SPATIAL JUSTICE

Former political allies cross swords over social housing in Cape Town

By Suné Payne 22 May 2020

Democratic Alliance Western Cape provincial leader Bonginkosi Madikizela, left, and GOOD party member of tje provincial legislature Brett Herron. (Photos: Gallo Images / Netwerk24 / Jaco Marais | Gallo Images / Nardus Engelbrecht)

It seems that arguments over spatial planning in Cape Town will always haunt the Western Cape legislature, especially between Brett Herron and Bonginkosi Madikizela, who have been at loggerheads ever since the start of the sixth provincial legislature.

On Thursday, the Western Cape legislature “discussed” spatial justice during its virtual sitting. Sparring partners Brett Herron and Bonginkosi Madikizela took each other on, again, over the lack of social housing in the Cape Town CBD. In a discussion on spatial planning and justice over the past three decades, the gloves were soon off between the two former DA colleagues. 

“More than 26 years of democracy have miserably failed to unravel colonial and apartheid town planning. Nowhere is this more apparent than in Cape Town, where conservatives in the DA have found ways and means to block every single affordable housing project proposed for development in areas that their National Party fathers designated for whites only… the DA’s record mirrors that of the ANC when it held the reins in the city. A big fat zero,” said Herron in the virtual sitting. 

“Between 2016 and 2018, when I was given the responsibility to develop affordable housing in Cape Town, our team doubled the delivery of affordable housing… between 2016 and 2018 we also initiated multiple projects to deliver affordable homes in good parts of the city.

“Thousands of inner city homes would have been under construction now. But the reality is not a single such home is being built. The DA stopped these projects.”

But Madikizela, DA Western Cape leader and the MEC for Public Works and Infrastructure – the custodian of all provincially-owned land in the Western Cape – hit back at Herron, labelling his comments as “disheartening to hear smoke and mirrors” and said he should give an “indication of his track record – and what he failed to do”.  

The two former DA colleagues have been at loggerheads since the start of the sixth provincial parliament when Herron took up GOOD’s sole seat and Madikizela returned for another five-year term as a DA member of the legislature. 

Previously, Herron was a DA councillor in the City of Cape Town under then mayor Patricia de Lille and was mayco member responsible for Transport and Urban Development. 

When De Lille departed in October 2018, Herron went with his long-time ally. By December 2018, the GOOD party had formed and by May 2019 the party had two seats in the National Assembly and one seat in the Western Cape legislature. De Lille went on to become Minister for Public Works and Infrastructure, with Shaun August taking up the other parliamentary seat. Herron, the party’s secretary-general, went on to occupy GOOD’s sole seat in the Western Cape legislature.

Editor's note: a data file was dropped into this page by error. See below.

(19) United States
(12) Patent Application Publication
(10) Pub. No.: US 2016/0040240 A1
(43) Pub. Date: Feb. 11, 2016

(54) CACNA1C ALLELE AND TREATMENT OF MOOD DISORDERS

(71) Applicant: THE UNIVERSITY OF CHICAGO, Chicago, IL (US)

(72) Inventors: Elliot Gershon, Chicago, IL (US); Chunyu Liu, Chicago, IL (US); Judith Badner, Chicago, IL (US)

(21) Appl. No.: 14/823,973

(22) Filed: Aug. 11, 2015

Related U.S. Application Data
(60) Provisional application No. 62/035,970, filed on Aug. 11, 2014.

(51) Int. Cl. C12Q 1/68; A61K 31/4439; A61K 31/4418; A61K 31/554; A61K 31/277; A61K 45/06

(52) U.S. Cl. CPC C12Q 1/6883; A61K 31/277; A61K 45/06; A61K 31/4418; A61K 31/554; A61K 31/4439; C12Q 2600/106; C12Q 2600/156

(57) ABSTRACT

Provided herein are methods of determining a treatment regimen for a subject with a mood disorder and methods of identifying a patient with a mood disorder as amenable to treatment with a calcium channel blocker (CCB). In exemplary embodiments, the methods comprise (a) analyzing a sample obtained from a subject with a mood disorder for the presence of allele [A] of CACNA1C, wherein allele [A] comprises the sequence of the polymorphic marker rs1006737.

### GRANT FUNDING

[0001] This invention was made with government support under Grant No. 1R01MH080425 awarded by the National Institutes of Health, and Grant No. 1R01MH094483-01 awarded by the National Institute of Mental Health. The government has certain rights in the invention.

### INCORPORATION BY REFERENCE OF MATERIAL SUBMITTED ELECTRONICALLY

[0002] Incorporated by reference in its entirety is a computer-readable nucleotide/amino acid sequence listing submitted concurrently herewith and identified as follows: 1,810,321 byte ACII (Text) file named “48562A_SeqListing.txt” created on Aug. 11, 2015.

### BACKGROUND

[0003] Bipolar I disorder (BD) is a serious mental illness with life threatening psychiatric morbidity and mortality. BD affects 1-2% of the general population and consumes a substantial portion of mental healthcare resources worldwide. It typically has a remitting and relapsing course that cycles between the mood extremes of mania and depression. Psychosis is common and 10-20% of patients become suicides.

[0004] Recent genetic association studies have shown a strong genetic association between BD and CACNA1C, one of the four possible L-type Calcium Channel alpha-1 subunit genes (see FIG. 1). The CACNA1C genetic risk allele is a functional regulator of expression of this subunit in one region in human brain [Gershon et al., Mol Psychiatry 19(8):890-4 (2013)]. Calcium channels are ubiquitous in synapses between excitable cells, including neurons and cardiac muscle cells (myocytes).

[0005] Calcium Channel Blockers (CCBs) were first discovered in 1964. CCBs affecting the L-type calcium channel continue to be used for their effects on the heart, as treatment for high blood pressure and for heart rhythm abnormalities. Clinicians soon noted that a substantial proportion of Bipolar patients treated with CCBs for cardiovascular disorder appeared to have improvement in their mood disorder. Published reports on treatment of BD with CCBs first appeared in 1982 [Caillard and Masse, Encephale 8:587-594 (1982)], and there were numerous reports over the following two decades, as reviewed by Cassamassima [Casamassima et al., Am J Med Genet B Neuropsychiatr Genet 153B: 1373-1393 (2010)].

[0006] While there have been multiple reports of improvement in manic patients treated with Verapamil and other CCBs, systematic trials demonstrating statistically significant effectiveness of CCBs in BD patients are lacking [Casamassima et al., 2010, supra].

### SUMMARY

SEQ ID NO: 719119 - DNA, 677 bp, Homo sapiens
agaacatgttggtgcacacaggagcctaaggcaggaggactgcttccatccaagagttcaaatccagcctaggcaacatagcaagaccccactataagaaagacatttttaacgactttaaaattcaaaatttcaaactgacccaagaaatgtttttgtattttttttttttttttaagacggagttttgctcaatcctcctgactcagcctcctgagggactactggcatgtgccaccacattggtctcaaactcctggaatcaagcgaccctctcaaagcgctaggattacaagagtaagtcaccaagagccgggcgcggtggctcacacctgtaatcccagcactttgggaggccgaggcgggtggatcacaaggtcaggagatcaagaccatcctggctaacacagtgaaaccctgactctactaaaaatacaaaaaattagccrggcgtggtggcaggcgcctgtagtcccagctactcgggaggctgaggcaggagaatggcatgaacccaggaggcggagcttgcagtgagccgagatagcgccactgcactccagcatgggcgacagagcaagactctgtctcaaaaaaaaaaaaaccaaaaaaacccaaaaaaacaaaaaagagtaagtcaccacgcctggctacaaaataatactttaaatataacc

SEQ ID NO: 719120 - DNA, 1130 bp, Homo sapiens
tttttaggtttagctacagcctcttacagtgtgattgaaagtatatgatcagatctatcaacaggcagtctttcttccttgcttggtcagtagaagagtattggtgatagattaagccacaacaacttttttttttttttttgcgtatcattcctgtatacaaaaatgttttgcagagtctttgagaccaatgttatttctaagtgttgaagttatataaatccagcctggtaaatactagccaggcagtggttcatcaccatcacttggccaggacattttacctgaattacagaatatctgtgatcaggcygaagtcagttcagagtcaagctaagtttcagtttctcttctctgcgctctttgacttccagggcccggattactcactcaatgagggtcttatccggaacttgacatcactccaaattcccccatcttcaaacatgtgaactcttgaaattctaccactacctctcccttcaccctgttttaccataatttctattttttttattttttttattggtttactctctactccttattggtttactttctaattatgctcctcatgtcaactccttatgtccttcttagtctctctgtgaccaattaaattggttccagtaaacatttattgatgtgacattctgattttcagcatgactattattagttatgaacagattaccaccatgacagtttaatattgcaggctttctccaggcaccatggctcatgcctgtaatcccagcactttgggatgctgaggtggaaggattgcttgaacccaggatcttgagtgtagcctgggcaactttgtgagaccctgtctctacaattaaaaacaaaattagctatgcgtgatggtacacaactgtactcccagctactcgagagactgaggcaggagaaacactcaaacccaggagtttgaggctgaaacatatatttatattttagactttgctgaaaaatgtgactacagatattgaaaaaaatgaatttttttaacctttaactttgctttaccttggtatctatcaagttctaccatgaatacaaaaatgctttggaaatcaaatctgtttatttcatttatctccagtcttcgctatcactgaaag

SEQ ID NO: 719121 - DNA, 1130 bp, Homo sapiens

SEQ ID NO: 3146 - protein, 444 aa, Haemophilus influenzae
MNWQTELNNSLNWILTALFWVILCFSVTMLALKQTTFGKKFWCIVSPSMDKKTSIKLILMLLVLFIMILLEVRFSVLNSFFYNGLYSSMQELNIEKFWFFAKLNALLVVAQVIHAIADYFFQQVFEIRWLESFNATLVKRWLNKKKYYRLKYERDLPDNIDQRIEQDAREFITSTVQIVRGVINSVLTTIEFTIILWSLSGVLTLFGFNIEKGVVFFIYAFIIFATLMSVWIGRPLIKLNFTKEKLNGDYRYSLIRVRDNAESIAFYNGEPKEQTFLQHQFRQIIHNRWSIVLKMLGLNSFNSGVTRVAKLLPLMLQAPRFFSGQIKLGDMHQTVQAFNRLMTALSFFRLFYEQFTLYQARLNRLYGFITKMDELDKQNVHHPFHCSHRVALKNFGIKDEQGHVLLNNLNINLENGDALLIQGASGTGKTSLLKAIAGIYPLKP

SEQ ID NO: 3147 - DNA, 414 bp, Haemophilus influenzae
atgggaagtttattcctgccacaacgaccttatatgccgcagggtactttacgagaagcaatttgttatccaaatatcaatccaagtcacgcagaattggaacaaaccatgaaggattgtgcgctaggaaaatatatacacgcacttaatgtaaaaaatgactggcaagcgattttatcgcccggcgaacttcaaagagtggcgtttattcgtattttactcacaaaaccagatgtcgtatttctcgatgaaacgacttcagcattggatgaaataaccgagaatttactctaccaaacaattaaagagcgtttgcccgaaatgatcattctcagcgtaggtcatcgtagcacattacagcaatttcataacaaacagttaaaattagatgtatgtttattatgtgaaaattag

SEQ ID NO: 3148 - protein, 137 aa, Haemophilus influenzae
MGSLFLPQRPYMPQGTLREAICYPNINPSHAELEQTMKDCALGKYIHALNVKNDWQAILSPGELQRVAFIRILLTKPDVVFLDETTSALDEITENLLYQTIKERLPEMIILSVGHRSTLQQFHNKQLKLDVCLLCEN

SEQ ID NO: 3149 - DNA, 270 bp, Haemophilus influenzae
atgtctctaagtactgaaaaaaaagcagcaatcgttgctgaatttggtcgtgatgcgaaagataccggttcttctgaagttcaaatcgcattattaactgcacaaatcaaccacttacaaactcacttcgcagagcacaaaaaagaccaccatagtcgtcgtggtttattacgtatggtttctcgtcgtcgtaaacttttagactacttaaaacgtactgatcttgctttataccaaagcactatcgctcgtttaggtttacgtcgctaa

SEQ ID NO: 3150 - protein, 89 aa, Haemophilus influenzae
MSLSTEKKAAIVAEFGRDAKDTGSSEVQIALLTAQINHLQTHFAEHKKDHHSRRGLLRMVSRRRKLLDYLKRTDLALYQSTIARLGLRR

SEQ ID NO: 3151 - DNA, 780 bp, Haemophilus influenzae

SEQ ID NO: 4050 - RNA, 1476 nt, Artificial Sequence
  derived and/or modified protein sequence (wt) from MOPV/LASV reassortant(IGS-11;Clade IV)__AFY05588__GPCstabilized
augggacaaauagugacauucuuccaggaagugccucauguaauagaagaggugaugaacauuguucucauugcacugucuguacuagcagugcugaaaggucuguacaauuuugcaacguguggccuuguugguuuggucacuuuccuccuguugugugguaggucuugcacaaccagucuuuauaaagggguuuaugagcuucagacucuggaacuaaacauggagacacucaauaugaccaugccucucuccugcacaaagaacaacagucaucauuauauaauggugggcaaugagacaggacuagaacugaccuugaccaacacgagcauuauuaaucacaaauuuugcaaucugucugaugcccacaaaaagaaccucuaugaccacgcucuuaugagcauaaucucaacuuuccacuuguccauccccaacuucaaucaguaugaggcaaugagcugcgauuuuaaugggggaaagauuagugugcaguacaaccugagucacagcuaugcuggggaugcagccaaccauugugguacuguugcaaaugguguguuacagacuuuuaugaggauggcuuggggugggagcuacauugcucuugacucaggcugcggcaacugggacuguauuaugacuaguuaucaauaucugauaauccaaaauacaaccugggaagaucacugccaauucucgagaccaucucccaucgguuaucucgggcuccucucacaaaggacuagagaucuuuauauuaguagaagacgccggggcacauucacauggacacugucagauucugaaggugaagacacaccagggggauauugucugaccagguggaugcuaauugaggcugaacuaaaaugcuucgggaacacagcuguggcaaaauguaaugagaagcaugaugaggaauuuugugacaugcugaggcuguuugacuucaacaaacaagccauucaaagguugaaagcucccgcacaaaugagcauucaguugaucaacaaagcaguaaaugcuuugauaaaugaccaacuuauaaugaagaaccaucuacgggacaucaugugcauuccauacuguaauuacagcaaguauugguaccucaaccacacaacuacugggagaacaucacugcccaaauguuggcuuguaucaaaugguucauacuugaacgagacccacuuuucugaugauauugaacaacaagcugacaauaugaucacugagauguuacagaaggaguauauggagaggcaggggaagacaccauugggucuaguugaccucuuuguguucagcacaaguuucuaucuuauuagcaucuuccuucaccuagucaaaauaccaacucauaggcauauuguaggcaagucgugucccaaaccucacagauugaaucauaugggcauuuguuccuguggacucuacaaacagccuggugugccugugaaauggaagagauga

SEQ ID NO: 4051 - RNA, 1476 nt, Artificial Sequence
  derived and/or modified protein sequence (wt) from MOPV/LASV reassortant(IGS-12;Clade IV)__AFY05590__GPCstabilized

The first spat occurred during Premier Alan Winde’s first State of the Province Address (SOPA) debate in July 2019. Since then, exchanges between the two have centred over rail, the ongoing MyCiTi route disruptions and social housing. More recently, Madikizela threatened to lay charges against members of the legislature, including Herron, who accused DA councillors of giving out food parcels along party lines. 

Madikizela said there were plans to give over a piece of property in Roggebaai, in the Cape Town CBD, to the provincial human settlements department to use for affordable and mixed housing.

On Thursday, it seemed Madikizela had back-up: MECs Tertius Simmers (Human Settlements) and Anton Bredell (Local Government, Environment and Planning) defended the DA and the province. 

Simmers said it was “hypocritical” of Herron to speak about the spatial planning in the City, when, under his watch, nothing had happened at the Salt River Market Site or Pine Road in Woodstock. These were sites that, while Herron was mayco member for Transport and Urban Development, were supposed to be used for social housing.

After Herron left, the City of Cape Town mayoral committee paused plans to proceed with social housing at the Salt River site, and Pine Road is used as a transitional housing site. 

Bredell, on the other hand, accused the GOOD party and the ANC of being in a coalition and questioned when De Lille would release large tracts of national government-owned land in the City. Consistently, Premier Alan Winde has asked De Lille for five military bases in Cape Town that could be used for social housing. 

But throughout the discussion, nobody seemed to remember Madikizela’s previous statements in the legislature: 10,000 housing opportunities would be built in the CBD, Bo-Kaap, Oranjezicht and Tamboerskloof. While everyone was focused on the blame game, nobody asked why the number dropped to 2,000 under new MEC Tertius Simmers. 

And so, the blame game continues, but it was the ANC’s Cameron Dugmore who said there was “no political will” for things to change. DM

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